She left me standing there with my mouth dropped open, and the blue Mustang vroomed off.
We walked on home, mostly in silence. I wanted to ask Johnny if those were the same Socs that had beaten him up, but I didn’t mention it. Johnny never talked about it and we never said anything.
“Well, those were two good-lookin’ girls if I ever saw any.” Two-Bit yawned as we sat down on the curb at the vacant lot. He took a piece of paper out,of his pocket and tore it up.
“What was that?”
“Marcia’s number. Probably a phony one, too. I must have been outa my mind to ask for it. I think I’m a little soused.”
So he had been drinking. Two-Bit was smart. He knew the score. “Y’all goin’ home?” he asked.
“Not right now,” I said. I wanted to have another smoke and to watch the stars. I had to be in by twelve, but I thought I had plenty of time.
“I don’t know why I handed you that busted bottle,” Two-Bit said, getting to his feet. “You’d never use it.”
“Maybe I would have,” I said. “Where you headed?”
“Gonna go play a little snooker and hunt up a poker game. Maybe get rip-roarin’ drunk. I dunno. See y’all tomorrow.”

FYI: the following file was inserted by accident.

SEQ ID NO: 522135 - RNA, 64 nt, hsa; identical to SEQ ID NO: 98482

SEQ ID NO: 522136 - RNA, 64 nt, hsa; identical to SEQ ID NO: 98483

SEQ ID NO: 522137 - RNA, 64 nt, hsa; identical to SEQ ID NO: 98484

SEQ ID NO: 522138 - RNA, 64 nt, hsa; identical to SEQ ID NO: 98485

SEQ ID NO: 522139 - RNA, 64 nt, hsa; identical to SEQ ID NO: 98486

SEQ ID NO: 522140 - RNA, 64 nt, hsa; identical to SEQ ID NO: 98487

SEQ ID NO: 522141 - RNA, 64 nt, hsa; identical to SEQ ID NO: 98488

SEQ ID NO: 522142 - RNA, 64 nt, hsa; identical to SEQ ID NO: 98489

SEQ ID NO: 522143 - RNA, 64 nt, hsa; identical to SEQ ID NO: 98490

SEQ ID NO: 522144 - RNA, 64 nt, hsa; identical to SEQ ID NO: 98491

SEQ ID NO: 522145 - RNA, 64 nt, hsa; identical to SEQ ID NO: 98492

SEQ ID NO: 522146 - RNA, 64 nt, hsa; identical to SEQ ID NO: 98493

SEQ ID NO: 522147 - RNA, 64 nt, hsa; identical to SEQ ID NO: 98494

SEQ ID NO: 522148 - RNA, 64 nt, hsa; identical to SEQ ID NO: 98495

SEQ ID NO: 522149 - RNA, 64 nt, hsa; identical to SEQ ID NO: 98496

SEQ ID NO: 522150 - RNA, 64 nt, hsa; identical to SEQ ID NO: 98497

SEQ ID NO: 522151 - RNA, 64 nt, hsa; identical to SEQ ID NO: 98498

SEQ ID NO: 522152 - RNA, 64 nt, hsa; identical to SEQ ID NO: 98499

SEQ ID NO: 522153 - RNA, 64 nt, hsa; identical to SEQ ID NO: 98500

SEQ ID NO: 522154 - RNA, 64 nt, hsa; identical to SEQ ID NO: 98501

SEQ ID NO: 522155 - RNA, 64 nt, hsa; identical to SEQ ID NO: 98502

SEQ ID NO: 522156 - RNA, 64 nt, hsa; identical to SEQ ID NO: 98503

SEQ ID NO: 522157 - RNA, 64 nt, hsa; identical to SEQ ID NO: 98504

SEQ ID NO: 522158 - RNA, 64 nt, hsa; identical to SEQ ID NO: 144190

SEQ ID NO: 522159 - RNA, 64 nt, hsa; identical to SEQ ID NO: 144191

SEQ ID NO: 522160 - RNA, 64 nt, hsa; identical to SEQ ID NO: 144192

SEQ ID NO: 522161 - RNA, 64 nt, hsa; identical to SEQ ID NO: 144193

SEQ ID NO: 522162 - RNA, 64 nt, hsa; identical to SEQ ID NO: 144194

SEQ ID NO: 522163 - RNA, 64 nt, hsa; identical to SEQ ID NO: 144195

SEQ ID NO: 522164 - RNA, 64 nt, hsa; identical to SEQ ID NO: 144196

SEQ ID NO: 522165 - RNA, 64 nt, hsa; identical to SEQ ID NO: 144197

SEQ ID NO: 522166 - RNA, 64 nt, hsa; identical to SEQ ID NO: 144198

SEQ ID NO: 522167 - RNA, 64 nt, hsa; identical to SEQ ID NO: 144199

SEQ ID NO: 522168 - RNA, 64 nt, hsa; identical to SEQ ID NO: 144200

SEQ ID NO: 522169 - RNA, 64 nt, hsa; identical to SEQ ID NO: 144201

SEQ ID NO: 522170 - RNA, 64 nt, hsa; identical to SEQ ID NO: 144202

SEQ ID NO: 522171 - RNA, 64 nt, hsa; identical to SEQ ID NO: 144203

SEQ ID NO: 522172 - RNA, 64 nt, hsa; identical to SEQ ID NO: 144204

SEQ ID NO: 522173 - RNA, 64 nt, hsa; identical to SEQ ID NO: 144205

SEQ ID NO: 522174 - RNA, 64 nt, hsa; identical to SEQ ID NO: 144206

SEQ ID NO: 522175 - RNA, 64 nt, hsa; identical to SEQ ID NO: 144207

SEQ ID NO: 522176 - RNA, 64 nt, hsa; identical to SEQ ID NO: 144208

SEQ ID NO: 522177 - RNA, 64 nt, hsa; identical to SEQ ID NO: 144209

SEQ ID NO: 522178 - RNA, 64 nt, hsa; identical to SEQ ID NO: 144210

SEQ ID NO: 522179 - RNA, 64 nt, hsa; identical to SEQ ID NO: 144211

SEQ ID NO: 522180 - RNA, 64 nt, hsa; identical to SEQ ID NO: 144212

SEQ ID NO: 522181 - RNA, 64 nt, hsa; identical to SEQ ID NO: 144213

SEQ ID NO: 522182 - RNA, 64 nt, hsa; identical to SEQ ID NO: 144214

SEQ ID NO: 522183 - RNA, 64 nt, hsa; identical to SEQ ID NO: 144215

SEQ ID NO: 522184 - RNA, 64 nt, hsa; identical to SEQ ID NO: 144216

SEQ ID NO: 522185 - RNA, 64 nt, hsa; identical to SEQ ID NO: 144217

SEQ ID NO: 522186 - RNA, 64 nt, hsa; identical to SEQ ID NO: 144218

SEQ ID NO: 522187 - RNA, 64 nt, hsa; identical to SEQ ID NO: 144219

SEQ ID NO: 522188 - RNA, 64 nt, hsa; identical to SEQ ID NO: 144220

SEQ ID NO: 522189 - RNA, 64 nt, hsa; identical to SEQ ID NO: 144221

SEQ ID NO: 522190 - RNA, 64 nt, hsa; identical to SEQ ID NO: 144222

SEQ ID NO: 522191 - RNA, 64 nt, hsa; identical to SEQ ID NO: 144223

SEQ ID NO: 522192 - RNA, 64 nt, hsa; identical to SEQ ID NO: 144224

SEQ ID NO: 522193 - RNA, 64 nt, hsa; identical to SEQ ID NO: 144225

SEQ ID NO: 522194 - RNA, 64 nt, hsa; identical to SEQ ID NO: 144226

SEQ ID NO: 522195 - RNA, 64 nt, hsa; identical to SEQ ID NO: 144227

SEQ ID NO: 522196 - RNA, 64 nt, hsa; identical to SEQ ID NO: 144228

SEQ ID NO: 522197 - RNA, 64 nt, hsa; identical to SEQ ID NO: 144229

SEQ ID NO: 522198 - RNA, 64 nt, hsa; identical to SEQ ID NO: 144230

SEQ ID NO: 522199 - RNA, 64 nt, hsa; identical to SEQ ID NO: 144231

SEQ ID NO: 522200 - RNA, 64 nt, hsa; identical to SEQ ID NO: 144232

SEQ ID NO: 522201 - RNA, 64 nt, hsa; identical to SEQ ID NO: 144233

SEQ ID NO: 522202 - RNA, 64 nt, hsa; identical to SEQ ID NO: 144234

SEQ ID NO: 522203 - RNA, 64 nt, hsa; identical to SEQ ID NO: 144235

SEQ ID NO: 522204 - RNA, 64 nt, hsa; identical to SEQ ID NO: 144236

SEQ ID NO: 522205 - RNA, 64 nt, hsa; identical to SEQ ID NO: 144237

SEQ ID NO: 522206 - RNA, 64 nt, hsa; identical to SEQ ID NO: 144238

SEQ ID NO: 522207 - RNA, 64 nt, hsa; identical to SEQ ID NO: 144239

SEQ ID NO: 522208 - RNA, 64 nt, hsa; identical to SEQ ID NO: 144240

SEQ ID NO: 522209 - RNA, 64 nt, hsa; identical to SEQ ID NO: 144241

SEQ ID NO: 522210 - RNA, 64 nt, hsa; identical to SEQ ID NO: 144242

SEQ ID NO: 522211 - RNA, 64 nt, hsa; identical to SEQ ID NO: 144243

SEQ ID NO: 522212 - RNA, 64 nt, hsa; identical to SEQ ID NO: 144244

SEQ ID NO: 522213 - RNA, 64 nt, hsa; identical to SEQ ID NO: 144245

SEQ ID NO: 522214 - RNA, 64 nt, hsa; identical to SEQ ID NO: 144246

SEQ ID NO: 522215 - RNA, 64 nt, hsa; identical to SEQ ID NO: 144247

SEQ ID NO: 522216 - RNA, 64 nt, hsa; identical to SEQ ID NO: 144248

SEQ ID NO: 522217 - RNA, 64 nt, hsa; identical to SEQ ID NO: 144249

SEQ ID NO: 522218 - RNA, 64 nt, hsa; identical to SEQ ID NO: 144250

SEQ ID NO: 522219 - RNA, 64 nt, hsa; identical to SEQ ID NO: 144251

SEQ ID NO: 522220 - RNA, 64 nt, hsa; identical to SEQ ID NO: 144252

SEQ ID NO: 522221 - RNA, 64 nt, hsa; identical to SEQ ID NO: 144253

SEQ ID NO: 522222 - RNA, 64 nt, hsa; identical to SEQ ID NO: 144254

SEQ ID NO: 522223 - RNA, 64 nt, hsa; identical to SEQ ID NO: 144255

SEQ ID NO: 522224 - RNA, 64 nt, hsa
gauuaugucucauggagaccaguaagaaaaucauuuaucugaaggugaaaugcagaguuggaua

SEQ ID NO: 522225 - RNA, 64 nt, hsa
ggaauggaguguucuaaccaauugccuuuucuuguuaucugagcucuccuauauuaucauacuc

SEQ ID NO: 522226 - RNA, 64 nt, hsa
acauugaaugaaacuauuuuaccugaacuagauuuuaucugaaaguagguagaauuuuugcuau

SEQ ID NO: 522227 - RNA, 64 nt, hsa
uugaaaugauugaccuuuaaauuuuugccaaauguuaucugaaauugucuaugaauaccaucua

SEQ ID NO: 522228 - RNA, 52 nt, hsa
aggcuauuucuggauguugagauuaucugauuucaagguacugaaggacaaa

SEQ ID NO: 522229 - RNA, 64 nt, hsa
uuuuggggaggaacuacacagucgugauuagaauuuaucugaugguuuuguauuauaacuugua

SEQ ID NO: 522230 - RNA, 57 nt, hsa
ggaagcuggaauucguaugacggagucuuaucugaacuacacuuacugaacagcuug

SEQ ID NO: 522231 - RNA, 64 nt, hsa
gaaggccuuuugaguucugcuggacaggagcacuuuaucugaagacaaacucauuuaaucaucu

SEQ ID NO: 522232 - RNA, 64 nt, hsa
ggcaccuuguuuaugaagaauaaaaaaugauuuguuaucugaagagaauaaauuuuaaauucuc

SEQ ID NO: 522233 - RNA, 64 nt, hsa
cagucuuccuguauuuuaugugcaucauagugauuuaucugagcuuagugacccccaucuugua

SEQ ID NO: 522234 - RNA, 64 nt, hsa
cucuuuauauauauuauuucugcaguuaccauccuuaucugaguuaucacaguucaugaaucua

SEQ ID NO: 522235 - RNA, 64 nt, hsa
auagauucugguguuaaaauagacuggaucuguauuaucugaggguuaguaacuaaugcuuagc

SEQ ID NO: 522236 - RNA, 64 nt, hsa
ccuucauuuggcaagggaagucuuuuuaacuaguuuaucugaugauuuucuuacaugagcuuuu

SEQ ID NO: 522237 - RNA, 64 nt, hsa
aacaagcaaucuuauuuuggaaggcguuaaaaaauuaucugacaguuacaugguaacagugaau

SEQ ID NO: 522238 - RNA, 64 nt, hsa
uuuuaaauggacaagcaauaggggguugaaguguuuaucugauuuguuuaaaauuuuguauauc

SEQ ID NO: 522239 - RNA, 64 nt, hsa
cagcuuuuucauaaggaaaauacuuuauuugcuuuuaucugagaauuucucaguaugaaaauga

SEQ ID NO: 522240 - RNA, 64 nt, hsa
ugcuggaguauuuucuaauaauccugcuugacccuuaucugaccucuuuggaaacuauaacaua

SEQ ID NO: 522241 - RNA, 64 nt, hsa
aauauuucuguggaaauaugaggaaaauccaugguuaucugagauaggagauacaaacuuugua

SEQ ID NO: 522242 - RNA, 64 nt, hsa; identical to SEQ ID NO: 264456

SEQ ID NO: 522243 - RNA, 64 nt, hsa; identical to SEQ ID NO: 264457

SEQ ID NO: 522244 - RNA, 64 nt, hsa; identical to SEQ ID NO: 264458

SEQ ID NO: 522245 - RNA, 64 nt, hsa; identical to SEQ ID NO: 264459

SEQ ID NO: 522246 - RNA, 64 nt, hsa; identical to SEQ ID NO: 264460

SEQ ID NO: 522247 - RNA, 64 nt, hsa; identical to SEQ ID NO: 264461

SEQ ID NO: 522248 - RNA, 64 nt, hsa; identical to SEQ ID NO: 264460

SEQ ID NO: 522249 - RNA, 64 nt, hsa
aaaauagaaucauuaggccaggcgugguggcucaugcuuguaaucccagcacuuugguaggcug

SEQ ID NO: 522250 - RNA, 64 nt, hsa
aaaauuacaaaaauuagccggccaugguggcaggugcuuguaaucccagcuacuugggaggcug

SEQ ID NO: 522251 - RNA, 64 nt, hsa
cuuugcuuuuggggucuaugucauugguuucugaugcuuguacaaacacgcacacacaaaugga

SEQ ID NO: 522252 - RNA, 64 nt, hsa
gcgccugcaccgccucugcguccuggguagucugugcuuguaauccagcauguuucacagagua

Johnny and I stretched out on our backs and looked at the stars. I was freezing— it was a cold night and all I had was that sweat shirt, but I could watch stars in sub-zero weather. I saw Johnny’s cigarette glowing in the dark and wondered vaguely what it was like inside a burning ember…
“It was because we’re greasers,” Johnny said, and I knew he was talking about Cherry. “We could have hurt her reputation.”
“I reckon,” I said, wondering if I ought to tell Johnny what she had said about Dallas.
“Man, that was a tuff car. Mustangs are tuff.”
“Big time Socs, all right,” I said, a nervous bitterness growing inside me. It wasn’t fair for the Socs to have everything. We were as good as they were; it wasn’t our fault we were greasers. I couldn’t just take it or leave it, like Two-Bit, or ignore it and love life anyway, like Sodapop, or harden myself beyond caring, like Dally, or actually enjoy it, like Tim Shepard. I felt the tension growing inside of me and I knew something had to happen or I would explode.
“I can’t take much more.” Johnny spoke my own feelings. “I’ll kill myself or something.”
“Don’t,” I said, sitting up in alarm. “You can’t kill yourself, Johnny.”